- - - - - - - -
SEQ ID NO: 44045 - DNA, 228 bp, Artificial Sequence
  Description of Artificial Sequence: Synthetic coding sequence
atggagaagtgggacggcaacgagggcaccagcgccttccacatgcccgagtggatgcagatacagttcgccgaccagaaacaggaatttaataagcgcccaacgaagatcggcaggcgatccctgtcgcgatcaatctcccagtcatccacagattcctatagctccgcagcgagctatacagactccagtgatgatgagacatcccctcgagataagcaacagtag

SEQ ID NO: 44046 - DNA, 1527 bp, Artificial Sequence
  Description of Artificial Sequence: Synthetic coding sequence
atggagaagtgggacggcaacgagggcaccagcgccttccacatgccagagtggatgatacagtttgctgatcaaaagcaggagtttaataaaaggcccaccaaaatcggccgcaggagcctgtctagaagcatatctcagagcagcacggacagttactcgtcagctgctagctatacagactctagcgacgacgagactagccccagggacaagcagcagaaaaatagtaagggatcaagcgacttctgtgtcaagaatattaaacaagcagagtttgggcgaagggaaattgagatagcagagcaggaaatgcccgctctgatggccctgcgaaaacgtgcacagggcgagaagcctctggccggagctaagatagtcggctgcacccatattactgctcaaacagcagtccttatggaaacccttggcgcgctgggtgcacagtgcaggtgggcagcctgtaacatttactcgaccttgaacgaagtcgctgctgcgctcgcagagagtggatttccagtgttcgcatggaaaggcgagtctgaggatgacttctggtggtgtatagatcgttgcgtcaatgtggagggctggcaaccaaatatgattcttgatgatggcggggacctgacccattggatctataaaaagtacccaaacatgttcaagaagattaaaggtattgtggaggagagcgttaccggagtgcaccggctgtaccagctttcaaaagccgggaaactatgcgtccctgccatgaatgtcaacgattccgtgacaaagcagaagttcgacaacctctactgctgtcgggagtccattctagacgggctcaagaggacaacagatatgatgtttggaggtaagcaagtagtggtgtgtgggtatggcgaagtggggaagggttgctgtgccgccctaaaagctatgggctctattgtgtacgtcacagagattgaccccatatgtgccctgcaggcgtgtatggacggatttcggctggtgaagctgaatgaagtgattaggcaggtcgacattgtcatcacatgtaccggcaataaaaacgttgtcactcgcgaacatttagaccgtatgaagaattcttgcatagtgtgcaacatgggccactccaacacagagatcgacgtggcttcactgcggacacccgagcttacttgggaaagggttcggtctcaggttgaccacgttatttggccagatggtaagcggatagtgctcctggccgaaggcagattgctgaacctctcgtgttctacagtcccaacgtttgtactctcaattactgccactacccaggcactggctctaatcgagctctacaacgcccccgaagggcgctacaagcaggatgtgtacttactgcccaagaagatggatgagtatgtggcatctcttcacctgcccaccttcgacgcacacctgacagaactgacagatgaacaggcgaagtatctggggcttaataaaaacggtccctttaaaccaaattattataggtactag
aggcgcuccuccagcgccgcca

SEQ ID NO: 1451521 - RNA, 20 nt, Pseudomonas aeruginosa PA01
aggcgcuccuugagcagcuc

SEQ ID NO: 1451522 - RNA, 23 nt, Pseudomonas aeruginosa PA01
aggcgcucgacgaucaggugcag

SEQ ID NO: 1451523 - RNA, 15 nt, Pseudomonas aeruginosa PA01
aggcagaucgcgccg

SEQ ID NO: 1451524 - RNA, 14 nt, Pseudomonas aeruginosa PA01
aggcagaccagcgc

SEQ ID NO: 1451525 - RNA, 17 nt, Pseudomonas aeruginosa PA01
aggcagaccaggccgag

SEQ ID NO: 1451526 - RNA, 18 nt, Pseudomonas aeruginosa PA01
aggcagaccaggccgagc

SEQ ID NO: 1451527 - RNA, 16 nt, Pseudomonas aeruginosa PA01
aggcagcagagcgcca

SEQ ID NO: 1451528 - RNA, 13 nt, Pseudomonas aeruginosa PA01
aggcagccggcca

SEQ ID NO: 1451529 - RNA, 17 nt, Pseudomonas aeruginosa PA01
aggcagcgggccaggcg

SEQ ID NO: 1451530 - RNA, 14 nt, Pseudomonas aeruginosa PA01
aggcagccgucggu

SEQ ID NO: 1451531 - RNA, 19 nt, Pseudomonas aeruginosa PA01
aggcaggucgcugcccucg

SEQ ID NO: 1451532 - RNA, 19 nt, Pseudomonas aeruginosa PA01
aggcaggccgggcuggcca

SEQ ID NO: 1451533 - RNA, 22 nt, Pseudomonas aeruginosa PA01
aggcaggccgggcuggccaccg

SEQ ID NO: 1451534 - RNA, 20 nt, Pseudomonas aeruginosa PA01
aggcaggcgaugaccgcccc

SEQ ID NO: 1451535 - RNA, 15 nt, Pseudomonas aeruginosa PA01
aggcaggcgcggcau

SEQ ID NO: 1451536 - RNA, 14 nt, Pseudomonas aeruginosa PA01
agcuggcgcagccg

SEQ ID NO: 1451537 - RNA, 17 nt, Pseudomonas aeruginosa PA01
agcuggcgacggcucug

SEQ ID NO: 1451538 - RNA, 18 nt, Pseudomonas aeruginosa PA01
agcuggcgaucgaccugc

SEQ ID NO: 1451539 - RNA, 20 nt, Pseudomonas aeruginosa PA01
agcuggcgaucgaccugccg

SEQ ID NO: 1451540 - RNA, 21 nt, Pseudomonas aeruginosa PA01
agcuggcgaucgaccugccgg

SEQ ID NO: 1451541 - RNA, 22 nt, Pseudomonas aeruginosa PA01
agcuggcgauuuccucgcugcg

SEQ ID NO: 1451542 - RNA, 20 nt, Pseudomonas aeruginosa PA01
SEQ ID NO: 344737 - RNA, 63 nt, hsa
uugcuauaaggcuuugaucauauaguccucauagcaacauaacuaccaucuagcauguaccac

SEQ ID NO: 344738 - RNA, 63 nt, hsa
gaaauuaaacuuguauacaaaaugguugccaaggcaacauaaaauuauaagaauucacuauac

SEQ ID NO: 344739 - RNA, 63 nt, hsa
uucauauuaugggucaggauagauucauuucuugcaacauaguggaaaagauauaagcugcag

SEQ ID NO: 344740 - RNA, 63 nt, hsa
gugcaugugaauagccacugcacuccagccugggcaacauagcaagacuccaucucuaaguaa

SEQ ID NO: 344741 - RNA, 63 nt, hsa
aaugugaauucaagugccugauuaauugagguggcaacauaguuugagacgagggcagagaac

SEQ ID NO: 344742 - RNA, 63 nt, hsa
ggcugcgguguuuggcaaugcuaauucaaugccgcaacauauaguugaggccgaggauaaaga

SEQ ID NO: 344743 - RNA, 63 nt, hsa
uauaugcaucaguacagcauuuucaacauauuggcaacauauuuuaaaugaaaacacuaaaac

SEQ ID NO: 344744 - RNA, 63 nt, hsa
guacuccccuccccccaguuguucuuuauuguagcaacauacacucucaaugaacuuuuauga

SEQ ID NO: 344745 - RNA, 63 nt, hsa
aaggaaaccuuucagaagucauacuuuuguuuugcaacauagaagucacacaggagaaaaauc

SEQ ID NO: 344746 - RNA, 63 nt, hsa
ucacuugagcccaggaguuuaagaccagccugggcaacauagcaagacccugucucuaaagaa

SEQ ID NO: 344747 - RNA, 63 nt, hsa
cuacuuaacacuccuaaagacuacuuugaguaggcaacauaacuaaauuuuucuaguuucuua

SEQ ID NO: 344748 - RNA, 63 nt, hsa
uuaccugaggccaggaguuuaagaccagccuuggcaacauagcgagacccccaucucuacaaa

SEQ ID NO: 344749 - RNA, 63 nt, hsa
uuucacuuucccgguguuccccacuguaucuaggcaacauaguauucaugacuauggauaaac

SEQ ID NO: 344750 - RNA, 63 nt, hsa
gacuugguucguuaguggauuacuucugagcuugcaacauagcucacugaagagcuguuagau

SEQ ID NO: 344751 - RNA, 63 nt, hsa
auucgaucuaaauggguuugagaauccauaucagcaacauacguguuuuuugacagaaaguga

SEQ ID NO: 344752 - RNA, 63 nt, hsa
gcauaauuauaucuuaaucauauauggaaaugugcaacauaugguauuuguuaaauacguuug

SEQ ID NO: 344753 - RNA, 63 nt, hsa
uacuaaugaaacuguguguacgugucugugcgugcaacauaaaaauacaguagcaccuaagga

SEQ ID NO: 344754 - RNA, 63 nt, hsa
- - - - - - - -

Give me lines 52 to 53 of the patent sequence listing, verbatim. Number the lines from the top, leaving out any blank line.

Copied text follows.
uugcuauaaggcuuugaucauauaguccucauagcaacauaacuaccaucuagcauguaccac

SEQ ID NO: 344738 - RNA, 63 nt, hsa